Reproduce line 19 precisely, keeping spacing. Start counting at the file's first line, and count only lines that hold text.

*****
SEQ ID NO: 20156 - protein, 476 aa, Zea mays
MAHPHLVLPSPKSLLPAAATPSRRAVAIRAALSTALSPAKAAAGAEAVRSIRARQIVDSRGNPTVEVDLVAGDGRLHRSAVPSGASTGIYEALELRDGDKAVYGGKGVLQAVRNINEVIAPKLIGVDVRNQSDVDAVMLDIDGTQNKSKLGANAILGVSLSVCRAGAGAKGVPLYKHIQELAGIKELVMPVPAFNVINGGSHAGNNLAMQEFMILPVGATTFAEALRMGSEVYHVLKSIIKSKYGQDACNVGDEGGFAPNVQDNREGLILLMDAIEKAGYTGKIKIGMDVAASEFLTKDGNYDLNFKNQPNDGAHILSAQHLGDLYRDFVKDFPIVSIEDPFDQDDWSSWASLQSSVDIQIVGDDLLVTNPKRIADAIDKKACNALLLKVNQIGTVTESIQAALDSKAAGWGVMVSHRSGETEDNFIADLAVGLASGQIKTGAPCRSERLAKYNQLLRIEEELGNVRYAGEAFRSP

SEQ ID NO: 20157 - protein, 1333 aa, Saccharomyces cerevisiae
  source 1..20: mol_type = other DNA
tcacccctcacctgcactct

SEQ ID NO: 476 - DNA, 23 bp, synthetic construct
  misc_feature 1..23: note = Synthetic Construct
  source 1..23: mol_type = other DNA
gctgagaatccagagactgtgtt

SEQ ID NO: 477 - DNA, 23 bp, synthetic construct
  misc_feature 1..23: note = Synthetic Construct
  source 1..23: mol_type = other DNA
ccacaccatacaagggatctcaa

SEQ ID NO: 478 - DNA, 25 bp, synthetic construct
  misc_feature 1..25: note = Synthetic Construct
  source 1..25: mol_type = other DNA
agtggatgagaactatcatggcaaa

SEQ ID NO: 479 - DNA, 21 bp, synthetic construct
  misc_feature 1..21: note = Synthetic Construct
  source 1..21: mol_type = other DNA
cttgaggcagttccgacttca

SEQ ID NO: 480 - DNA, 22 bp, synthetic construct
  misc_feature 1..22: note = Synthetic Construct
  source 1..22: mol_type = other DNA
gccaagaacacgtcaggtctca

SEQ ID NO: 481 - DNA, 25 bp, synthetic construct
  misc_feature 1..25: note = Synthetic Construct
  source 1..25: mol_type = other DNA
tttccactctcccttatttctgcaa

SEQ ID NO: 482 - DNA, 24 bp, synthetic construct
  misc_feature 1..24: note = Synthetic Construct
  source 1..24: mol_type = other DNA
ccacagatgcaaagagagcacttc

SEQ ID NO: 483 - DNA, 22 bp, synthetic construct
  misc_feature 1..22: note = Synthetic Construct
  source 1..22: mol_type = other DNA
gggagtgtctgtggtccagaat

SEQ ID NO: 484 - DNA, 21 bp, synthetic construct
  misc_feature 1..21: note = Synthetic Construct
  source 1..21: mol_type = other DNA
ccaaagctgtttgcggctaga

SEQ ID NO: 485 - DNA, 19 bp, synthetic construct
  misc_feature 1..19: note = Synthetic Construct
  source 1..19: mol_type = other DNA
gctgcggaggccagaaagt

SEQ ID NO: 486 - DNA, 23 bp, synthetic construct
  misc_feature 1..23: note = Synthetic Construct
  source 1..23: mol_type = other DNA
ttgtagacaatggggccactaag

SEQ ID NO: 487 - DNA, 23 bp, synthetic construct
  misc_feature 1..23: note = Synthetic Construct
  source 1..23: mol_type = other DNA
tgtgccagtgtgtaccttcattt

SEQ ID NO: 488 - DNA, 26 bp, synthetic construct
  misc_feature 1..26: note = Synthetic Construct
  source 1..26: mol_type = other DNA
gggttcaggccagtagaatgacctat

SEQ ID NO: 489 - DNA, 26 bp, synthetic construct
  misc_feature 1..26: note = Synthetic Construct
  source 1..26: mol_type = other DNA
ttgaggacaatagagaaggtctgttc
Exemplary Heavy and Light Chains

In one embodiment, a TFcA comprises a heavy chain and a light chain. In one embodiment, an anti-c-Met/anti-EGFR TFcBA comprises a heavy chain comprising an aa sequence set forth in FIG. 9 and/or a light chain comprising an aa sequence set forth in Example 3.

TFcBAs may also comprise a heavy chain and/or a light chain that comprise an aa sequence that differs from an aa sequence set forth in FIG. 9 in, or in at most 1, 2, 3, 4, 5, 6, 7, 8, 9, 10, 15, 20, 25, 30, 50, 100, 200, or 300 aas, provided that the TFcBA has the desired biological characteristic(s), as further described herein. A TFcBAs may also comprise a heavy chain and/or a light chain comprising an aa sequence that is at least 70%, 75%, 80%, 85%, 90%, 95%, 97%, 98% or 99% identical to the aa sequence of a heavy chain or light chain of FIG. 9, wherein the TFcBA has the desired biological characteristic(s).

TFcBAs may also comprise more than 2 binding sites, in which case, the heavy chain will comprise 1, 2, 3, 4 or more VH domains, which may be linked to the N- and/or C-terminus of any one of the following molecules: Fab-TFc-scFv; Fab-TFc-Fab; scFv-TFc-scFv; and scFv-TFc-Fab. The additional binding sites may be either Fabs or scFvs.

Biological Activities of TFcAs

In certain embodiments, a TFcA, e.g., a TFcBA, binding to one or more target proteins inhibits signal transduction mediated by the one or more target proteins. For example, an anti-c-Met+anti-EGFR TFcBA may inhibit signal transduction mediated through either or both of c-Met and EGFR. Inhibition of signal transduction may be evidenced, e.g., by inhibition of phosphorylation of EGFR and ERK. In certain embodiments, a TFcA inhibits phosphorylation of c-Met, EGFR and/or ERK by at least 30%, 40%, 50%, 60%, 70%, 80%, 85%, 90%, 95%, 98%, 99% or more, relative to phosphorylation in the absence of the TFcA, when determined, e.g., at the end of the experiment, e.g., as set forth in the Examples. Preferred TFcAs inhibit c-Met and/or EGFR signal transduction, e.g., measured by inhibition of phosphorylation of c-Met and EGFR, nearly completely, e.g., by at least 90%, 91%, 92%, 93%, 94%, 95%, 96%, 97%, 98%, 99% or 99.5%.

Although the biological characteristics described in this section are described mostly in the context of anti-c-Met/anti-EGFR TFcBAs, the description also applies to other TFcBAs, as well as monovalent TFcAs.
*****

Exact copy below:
  misc_feature 1..21: note = Synthetic Construct